All the new Android features Google just announced at I/O

During yesterday's Google I/O keynote, Google talked about some new AI features for Android, including new changes to Circle to Search and AI-powered fraud protection. A day later, Google made a slew of new Android 15 announcements, starting with Android 15 beta 2 now available.

Android 15 beta 2 is already available on quite a few smartphones

Android betas usually start with Pixel, but with Beta 2, many smartphone users can try out Android 15 early. The beta is now available on Pixel, iQOO, Lenovo, Nothing, OnePlus, OPPO, Sharp, Realme, Techno, Vivo, Xiaomi, and Honor. If you have a compatible smartphone and want to try out these new features, give the beta a try. (Just know that the beta software is not yet complete, so there is a risk of bugs and lost data.)

private space

Google calls Private Space a "digital safe inside your phone," and for good reason. The feature is located at the bottom of the app drawer and requires a second layer of authentication to access. From here, you can add any apps you want so they don't appear on your home screen or app drawer. Think health, banking, and even some messaging apps: Private spaces hide the app’s icons, data, and even notifications. The private space can be completely invisible if you wish, although it's unclear where it would live in that case.

Access selected photos

When you give an app partial access to your media, it means it can only see a selected number of photos and videos in your library. Google is enabling access to only recently selected media with Android 15 beta 2. This way, apps that frequently request photos and videos can quickly get those items without you having to constantly adjust permissions yourself.

One-time passwords are now hidden in notifications

This is a great security feature in Android 15: Malware often relies on OTP notifications to steal these codes and break into your account. Going forward, most notifications will hide these codes, so you'll need to click through to see what your OTP is. Google also said it is expanding the restrictions on requiring user approval when installing apps from the web.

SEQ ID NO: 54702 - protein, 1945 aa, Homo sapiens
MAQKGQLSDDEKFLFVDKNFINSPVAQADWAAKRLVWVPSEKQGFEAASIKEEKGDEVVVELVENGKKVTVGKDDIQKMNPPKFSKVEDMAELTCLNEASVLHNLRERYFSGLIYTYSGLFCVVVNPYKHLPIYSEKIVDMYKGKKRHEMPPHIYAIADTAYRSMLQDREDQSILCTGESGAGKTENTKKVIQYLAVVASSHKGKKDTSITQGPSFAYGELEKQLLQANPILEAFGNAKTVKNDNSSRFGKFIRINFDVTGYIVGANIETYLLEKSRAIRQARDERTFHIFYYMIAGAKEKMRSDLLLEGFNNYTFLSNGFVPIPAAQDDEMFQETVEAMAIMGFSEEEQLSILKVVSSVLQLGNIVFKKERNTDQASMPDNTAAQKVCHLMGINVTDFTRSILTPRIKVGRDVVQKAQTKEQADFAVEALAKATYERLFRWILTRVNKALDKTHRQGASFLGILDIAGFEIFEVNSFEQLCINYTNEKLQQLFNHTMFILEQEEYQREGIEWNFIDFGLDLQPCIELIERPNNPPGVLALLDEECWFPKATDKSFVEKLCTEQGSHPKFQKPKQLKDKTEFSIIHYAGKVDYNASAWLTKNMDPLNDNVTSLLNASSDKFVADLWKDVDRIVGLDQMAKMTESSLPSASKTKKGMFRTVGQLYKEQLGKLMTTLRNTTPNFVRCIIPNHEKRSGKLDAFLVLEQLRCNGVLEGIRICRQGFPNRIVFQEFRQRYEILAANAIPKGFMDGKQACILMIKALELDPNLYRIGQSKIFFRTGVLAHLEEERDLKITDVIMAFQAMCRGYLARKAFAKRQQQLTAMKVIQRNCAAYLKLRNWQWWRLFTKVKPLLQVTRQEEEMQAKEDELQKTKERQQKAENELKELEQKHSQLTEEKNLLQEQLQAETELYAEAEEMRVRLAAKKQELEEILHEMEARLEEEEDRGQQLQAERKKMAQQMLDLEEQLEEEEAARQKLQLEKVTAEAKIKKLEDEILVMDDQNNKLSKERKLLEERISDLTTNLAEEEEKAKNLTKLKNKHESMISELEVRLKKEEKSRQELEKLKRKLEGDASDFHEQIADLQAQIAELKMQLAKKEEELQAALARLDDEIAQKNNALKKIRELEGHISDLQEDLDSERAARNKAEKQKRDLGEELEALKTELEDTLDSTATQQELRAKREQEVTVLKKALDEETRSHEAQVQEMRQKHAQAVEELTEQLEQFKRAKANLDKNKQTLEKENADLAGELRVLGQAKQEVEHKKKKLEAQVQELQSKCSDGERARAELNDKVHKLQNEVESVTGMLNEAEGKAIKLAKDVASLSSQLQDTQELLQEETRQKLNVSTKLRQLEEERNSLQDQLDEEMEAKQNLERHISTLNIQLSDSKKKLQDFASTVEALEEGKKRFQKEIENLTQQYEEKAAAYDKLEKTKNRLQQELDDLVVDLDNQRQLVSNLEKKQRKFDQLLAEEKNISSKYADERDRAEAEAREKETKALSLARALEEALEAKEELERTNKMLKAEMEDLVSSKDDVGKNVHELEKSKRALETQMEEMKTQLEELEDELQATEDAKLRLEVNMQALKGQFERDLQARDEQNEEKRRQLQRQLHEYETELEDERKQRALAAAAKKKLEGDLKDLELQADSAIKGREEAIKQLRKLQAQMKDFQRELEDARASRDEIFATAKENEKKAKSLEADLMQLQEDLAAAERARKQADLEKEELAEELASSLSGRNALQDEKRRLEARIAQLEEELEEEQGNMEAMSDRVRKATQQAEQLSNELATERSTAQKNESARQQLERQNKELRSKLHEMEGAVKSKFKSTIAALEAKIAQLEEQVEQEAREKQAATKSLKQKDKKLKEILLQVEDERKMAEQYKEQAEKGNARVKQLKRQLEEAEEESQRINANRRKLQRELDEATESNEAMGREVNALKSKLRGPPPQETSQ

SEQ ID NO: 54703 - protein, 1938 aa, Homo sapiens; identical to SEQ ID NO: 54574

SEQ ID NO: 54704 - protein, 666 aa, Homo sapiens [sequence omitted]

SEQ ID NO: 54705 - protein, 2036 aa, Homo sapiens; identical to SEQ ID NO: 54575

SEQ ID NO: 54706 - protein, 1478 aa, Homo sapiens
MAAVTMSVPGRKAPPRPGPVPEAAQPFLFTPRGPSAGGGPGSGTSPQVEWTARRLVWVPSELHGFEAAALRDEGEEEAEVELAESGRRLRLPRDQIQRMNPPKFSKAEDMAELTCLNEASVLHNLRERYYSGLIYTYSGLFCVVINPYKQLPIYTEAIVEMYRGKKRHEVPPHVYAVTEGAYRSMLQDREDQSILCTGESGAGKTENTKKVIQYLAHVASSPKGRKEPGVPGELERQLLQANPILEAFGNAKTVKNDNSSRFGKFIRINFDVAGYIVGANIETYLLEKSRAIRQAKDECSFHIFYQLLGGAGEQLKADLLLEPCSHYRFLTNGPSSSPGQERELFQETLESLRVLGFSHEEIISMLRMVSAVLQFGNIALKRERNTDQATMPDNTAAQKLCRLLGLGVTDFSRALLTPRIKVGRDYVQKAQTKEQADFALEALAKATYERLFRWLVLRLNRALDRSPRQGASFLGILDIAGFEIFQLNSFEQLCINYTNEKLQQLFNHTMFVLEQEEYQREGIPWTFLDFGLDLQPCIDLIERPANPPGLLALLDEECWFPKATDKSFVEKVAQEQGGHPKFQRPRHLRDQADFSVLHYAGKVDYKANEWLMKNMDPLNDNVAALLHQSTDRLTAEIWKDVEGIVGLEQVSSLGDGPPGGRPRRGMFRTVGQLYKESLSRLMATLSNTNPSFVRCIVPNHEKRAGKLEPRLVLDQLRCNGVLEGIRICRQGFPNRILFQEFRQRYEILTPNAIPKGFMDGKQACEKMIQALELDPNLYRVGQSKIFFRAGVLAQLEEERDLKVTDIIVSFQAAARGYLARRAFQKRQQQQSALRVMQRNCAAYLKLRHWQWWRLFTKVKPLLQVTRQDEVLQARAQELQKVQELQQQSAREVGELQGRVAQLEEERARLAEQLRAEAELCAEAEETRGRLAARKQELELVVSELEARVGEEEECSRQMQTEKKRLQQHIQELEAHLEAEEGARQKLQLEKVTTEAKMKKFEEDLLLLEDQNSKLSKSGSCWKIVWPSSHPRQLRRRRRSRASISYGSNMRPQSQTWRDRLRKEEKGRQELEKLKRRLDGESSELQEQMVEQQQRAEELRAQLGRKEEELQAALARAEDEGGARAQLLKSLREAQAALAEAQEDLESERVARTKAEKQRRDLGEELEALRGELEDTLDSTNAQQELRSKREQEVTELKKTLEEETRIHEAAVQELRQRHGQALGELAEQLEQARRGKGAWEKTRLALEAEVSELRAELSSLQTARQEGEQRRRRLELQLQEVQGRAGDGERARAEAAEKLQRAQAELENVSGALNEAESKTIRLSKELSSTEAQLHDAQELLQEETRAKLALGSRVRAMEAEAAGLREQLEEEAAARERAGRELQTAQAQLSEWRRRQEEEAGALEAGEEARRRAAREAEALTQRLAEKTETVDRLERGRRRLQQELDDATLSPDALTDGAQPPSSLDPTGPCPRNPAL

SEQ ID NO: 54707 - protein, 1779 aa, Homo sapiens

Screen sharing is safer

When you share your screen in Android 15, the OS will automatically hide notifications and OTPs. It also hides the screen when you enter passwords and credit card information, and soon, more phones will have the Pixel's ability to share the screen of specific apps, rather than sharing the entire screen at once. Additionally, Google has added a more visible screen sharing icon, making it easy to disable sharing at any time.

Cellular Security Upgrade

Google is now warning you if your cellular network isn't encrypted, which could allow bad guys to eavesdrop on calls and read your text messages. Additionally, Google will warn at-risk users like journalists if fake cell towers or surveillance tools are hijacking their locations.

Updated multitasking on big screens

In recent years, Google has been working hard to optimize the Android experience on tablets. In Android 15 beta 2, you can now pin the taskbar to the screen so you can quickly access apps and split-screen app combinations.

Choose your salutation

Android will soon let you choose your desired gender and use gendered language. Google is testing the feature in French first, but it will roll out to other gendered languages ​​soon. You can choose between non-personalized, feminine, masculine or unisex.

Save items from photos to Google Wallet

Android 15 makes it easier to add passes to Google Wallet: Google says you'll soon be able to take a photo of any pass, such as a ticket, gym membership, library card, and more. From here, Android can turn it into a digital pass. Through you can save to Google Wallet. It is also able to save digital items containing barcodes and QR codes.